WHAT’S A SOLAR INVERTER?
Solar Panels convert light energy into DC (Direct Current) form of electricity. Inverters convert this DC electricity to the AC (Alternating Current) form – this is the type of electricity we use in our homes through the AC outlets and that is provided by the electric utility. The conversion can take place at each solar panel (micro-inverters) or the conversion of all the panels can take place centrally (string inverters).
One type is not inherently “better” than the other – they are just different ways of accomplishing the same thing; but, since they are different, one may be a better choice than the other depending on the situation. One other device, the power optimizer, which is not an inverter, is commonly used in a string optimizer based system to provide a functionality that is inherent with micro-inverters.
Since an inverter converts energy frorm one form to another, there will be a loss of energy in the process and the efficiency rating provides this value. Today, the gap in the efficiencies of the micro vs string inverters are almost negligible.
For technical reasons, for some solar panels, only the string inverter can be used (today), e.g. panels with 72 or 96 cells since most micro-inverters today support only 60 cell panels.
From a cost perspective, micro-inverters and the string inverter plus power optimizer options are about the same.
Most micro-inverters connect to one solar panel (there are some that connect to more panels).The micro-inverter takes the DC output from the solar panel as its input and then outputs the AC form. The AC outputs of each micro-inverter are connected together, close to the panels, and a single set of AC wires are routed to the cut-off switch at ground level.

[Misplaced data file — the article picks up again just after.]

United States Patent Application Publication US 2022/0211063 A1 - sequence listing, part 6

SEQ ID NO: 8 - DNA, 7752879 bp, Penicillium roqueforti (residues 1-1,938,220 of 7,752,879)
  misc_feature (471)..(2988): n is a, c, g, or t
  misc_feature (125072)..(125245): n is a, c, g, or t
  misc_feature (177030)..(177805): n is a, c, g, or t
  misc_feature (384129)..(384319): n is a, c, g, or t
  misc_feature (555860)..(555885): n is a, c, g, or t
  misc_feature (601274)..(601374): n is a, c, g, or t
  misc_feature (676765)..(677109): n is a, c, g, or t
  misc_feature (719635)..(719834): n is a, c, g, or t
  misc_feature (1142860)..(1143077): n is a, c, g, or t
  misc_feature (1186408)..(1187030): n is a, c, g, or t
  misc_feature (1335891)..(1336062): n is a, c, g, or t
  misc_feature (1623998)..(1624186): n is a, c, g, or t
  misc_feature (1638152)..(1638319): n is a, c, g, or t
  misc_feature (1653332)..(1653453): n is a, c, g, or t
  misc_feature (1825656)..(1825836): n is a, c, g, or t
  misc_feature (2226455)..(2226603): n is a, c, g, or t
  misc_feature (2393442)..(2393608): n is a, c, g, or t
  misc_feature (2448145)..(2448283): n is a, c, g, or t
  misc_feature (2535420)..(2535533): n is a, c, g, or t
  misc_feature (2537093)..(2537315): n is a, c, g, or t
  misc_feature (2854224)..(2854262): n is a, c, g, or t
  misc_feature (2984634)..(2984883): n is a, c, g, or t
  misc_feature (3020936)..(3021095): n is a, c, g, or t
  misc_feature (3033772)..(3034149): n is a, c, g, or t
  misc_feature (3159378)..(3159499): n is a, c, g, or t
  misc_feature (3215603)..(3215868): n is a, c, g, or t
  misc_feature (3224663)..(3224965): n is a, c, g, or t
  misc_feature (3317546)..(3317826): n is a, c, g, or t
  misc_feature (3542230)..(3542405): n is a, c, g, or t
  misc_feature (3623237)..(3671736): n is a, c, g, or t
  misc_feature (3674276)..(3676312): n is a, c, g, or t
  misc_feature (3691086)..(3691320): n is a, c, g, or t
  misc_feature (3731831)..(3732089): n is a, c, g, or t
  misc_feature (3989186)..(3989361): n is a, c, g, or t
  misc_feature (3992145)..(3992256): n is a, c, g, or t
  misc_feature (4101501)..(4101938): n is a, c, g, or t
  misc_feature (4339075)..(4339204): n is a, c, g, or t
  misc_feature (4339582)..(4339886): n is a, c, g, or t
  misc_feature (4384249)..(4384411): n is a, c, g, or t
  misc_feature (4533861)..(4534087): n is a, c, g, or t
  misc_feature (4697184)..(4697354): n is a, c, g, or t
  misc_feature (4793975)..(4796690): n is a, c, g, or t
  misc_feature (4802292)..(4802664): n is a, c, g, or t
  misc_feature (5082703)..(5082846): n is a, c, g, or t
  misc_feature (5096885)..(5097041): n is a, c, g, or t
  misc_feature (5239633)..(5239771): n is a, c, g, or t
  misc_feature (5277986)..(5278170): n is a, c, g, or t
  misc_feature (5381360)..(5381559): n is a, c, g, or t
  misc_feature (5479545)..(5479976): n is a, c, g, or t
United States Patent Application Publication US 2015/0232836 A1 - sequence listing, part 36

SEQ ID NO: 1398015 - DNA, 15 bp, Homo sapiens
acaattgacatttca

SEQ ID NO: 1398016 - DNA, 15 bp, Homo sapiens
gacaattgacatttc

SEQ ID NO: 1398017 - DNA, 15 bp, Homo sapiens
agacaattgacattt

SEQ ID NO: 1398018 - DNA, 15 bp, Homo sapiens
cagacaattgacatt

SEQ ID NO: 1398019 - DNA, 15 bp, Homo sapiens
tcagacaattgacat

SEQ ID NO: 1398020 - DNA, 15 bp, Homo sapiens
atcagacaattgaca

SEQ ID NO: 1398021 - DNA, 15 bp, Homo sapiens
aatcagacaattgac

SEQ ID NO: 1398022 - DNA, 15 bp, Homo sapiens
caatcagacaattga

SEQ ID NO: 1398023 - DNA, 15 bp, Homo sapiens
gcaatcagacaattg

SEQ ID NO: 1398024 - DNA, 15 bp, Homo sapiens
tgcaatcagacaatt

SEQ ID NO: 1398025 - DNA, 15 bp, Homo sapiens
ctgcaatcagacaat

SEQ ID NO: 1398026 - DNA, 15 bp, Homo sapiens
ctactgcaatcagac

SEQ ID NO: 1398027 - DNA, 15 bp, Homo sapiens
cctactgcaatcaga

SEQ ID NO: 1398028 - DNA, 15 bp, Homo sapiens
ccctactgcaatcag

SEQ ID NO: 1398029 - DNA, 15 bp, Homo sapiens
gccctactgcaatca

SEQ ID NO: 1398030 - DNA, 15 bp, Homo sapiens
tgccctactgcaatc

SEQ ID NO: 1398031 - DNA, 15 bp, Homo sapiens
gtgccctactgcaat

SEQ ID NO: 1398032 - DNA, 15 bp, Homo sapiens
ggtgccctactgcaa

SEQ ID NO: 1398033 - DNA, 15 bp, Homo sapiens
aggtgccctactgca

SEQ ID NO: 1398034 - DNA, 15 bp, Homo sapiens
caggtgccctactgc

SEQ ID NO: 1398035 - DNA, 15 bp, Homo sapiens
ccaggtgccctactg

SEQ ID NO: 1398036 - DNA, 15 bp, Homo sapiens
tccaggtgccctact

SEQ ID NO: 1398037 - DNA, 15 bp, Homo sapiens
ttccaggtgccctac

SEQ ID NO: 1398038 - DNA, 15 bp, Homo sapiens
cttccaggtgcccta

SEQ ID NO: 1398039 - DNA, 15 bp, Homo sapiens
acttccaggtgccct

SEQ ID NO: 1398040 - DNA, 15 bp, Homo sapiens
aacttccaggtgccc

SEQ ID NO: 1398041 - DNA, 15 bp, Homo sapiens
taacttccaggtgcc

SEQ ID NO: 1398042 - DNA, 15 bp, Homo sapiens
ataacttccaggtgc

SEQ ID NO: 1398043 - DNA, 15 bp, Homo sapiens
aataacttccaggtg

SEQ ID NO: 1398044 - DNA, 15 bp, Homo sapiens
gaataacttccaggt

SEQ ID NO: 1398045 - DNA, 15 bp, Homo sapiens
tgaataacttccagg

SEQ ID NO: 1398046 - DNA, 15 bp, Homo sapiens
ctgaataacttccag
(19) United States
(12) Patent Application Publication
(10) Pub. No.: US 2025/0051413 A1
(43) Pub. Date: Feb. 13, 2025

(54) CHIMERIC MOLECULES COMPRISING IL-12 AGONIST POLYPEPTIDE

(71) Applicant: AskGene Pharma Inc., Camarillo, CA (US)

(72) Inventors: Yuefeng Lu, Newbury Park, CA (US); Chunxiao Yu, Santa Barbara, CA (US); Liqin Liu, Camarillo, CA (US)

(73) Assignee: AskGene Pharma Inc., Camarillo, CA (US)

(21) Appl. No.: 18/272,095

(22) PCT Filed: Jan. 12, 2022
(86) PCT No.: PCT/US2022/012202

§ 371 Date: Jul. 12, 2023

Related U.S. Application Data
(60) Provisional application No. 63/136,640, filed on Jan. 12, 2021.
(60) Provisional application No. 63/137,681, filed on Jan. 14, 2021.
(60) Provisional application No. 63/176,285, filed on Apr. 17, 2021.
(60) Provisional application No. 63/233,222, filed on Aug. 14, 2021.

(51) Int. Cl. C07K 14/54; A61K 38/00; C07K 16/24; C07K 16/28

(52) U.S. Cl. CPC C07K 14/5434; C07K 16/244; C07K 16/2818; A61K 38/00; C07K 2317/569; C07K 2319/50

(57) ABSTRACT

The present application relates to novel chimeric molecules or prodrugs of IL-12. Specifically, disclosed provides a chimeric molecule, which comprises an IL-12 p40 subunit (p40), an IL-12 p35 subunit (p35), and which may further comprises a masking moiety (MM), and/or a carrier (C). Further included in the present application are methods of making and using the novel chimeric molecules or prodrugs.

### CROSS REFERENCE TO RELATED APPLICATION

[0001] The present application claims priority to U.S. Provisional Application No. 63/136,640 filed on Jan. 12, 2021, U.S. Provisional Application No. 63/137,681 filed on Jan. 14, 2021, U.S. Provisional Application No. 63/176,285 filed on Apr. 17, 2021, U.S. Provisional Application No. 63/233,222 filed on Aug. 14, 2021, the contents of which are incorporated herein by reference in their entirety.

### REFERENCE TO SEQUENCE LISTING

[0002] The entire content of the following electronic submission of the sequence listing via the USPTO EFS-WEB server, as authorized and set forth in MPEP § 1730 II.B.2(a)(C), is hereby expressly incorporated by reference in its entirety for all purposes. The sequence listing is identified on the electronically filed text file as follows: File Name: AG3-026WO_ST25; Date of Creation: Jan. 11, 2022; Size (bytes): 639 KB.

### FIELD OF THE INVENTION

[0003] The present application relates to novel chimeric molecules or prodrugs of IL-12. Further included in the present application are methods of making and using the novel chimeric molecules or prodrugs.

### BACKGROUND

The DC outputs of all solar panels are connected to a common set of wires on the roof and then routed to the DC cut-off switch at ground level. From the DC cut-off switch, the DC is inputted into the central string inverter that then outputs AC. They are call “string” inverters because each string inverter is connected to a grouping of panels called a “string.”
Power optimizers take the DC from the solar panel and provides an “optimized” DC output that is then fed into a string inverters. Power optimizers were developed to address some of the short-comings of string inverters such as marginal performance of some panels affecting the whole system and per panel monitoring. Although power optimizers are cheaper than micro-inverters, one power optimizer is required for each panel, in addition to the string inverter, making the total system about the same.